In reality there is perhaps no one of our natural passions so hard to subdue as pride. Disguise it, struggle with it, stifle it, mortify it as much as one pleases, it is still alive, and will every now and then peep out and show itself; you will see it, perhaps, often in this history. For, even if I could conceive that I had completely overcome it, I should probably be proud of my humility.

CHAPTER VII.”

Scheme of a Society for extending the Influence of Virtue. — Belief in one God, the Immortality of the Soul, and future Rewards and Punishments. – Poor Richard's Almanac. — Rules for conducting a Newspaper. — Controversy concerning Hemphill the Preacher. — Studies the French, Italian, and Spanish Languages. – Visits Boston. — The Junto. — Chosen Clerk of the Assembly. — Appointed Postmaster of Philadelphia. — Suggests Improvements in the City Watch. — Establishes a Fire Company.

HAviNG mentioned a great and eatensive project, which I had conceived, it seems proper that some account should be here given of that project and its object. Its first rise in my mind appears in the following little paper, accidentally preserved, viz. “Observations on my reading history, in the Library, JMay 9th, 1731. “That the great affairs of the world, the wars, and revolutions are carried on and effected by parties. “That the view of these parties is their present general interest, or what they take to be such. “That the different views of these different parties occasion all confusion. “That while a party is carrying on a general design, each man has his particular private interest in view. “That as soon as a party has gained its general point, each member becomes intent upon his particular interest; which, thwarting others, breaks that party into divisions, and occasions more confusion.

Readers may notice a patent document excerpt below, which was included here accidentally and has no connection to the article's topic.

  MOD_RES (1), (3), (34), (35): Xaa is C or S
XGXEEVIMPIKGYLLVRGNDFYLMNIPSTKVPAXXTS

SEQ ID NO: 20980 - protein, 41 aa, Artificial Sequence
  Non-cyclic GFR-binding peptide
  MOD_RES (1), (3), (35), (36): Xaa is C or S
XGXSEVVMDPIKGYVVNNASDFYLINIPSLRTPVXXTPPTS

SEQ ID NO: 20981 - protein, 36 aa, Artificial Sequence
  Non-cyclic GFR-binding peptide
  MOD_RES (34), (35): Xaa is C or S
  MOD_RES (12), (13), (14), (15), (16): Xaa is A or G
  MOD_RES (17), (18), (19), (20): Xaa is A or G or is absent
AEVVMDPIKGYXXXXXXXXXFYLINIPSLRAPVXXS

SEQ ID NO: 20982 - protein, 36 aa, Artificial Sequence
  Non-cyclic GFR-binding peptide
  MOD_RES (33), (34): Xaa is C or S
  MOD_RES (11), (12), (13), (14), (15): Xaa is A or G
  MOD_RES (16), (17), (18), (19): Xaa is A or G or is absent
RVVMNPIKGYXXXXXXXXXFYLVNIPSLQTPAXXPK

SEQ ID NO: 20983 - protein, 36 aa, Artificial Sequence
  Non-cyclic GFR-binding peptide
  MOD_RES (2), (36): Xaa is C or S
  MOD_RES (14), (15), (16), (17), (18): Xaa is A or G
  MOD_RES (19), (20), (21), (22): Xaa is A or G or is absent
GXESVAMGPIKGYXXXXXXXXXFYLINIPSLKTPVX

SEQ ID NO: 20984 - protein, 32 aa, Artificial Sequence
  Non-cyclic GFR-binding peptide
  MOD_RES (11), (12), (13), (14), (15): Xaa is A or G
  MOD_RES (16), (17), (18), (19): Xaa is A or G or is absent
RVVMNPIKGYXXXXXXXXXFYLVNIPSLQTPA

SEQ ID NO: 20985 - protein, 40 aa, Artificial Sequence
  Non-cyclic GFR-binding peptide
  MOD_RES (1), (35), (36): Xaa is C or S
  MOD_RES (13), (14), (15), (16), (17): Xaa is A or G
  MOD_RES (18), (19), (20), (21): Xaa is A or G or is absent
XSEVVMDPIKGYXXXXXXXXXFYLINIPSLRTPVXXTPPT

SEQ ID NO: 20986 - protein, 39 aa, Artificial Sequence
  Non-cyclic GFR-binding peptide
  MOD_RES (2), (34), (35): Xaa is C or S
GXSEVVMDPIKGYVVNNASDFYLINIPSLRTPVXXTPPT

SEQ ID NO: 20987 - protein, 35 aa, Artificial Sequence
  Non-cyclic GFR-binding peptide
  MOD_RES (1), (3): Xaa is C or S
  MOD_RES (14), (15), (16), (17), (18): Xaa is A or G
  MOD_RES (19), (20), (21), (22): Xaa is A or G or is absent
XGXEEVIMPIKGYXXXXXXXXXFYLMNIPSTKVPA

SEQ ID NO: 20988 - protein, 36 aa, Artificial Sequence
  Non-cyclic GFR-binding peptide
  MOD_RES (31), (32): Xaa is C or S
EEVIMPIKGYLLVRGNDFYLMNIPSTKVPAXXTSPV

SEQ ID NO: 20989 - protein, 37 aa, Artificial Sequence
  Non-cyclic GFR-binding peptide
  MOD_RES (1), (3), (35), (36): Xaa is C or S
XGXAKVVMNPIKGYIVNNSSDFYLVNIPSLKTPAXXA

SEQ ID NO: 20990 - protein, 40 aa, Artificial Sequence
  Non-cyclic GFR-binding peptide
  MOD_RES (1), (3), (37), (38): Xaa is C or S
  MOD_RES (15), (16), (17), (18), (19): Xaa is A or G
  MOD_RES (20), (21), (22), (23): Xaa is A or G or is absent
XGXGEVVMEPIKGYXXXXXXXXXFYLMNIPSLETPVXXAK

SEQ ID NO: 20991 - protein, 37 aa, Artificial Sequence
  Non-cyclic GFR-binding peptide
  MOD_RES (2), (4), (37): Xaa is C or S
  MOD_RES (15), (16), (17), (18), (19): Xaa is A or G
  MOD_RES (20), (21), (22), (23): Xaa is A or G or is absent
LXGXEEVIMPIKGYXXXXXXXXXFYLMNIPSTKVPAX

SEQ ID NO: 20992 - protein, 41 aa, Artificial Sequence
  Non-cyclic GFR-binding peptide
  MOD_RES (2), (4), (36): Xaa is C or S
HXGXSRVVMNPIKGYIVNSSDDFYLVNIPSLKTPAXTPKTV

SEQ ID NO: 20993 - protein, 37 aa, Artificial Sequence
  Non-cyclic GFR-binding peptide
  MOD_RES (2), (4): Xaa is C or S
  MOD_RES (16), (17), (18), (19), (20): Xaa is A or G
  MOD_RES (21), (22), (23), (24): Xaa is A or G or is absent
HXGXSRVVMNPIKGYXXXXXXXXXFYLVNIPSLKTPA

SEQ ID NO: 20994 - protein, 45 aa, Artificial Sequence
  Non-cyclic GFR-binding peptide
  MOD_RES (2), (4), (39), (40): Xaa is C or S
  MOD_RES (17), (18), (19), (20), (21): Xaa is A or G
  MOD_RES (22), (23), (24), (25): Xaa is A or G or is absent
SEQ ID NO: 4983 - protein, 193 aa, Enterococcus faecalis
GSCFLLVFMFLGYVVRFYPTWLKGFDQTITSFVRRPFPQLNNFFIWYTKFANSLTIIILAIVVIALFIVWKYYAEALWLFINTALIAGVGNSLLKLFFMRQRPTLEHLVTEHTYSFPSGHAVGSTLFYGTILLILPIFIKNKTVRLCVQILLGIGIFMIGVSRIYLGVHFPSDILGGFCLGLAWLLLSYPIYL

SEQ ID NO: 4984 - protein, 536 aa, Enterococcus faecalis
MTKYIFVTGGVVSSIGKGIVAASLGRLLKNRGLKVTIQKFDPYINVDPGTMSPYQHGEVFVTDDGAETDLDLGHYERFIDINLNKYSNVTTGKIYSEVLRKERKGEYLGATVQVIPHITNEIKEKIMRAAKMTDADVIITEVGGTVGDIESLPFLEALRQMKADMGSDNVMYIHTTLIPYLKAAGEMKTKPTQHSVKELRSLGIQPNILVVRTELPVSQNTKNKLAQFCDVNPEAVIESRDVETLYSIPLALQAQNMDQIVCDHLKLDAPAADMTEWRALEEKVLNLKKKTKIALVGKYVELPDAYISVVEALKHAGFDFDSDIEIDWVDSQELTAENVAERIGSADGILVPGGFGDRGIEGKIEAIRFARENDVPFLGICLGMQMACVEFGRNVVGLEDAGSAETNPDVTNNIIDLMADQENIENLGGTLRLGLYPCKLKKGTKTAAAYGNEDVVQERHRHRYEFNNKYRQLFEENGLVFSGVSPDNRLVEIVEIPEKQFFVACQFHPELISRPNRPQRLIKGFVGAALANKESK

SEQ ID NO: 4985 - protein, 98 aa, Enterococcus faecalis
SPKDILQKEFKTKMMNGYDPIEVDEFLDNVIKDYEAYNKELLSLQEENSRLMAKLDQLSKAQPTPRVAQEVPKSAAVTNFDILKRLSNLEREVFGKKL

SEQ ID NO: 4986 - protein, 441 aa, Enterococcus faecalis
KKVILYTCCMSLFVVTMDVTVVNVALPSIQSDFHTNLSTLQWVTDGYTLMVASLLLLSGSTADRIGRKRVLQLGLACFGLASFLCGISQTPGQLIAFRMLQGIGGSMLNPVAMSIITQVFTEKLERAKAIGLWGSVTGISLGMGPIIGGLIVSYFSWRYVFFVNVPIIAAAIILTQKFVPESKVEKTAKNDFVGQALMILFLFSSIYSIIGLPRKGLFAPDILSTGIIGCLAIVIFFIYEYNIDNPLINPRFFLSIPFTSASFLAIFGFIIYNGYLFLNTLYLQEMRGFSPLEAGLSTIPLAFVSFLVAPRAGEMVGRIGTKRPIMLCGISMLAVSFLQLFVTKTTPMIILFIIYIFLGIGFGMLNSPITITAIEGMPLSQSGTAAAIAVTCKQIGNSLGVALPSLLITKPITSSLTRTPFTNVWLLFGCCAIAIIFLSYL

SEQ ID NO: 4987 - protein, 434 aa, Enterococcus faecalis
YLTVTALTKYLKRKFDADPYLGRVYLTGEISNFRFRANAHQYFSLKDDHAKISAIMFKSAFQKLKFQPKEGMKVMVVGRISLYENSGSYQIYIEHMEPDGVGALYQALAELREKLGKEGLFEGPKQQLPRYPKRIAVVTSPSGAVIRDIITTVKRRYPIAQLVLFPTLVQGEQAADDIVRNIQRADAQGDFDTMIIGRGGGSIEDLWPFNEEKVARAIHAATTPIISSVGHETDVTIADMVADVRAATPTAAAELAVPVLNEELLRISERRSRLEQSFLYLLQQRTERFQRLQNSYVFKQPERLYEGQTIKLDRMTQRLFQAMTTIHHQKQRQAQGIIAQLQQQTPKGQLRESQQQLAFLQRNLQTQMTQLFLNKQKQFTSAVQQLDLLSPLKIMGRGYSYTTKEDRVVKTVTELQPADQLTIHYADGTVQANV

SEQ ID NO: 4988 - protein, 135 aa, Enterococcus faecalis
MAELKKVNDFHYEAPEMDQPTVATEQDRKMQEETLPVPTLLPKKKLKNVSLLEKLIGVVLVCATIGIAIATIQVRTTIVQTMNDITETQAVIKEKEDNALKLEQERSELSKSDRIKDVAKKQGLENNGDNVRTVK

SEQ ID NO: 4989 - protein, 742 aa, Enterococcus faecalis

* The preceding chapter was written at Passy. In a memorandum, which he made when he again resumed the narrative four years afterwards, he says, “I am now about to write at home, (Philadelphia,) August, 1788, but cannot have the help expected from my papers, many of them being lost in the war. I have, however, found the following.” He then proceeds as in the text. —Editor.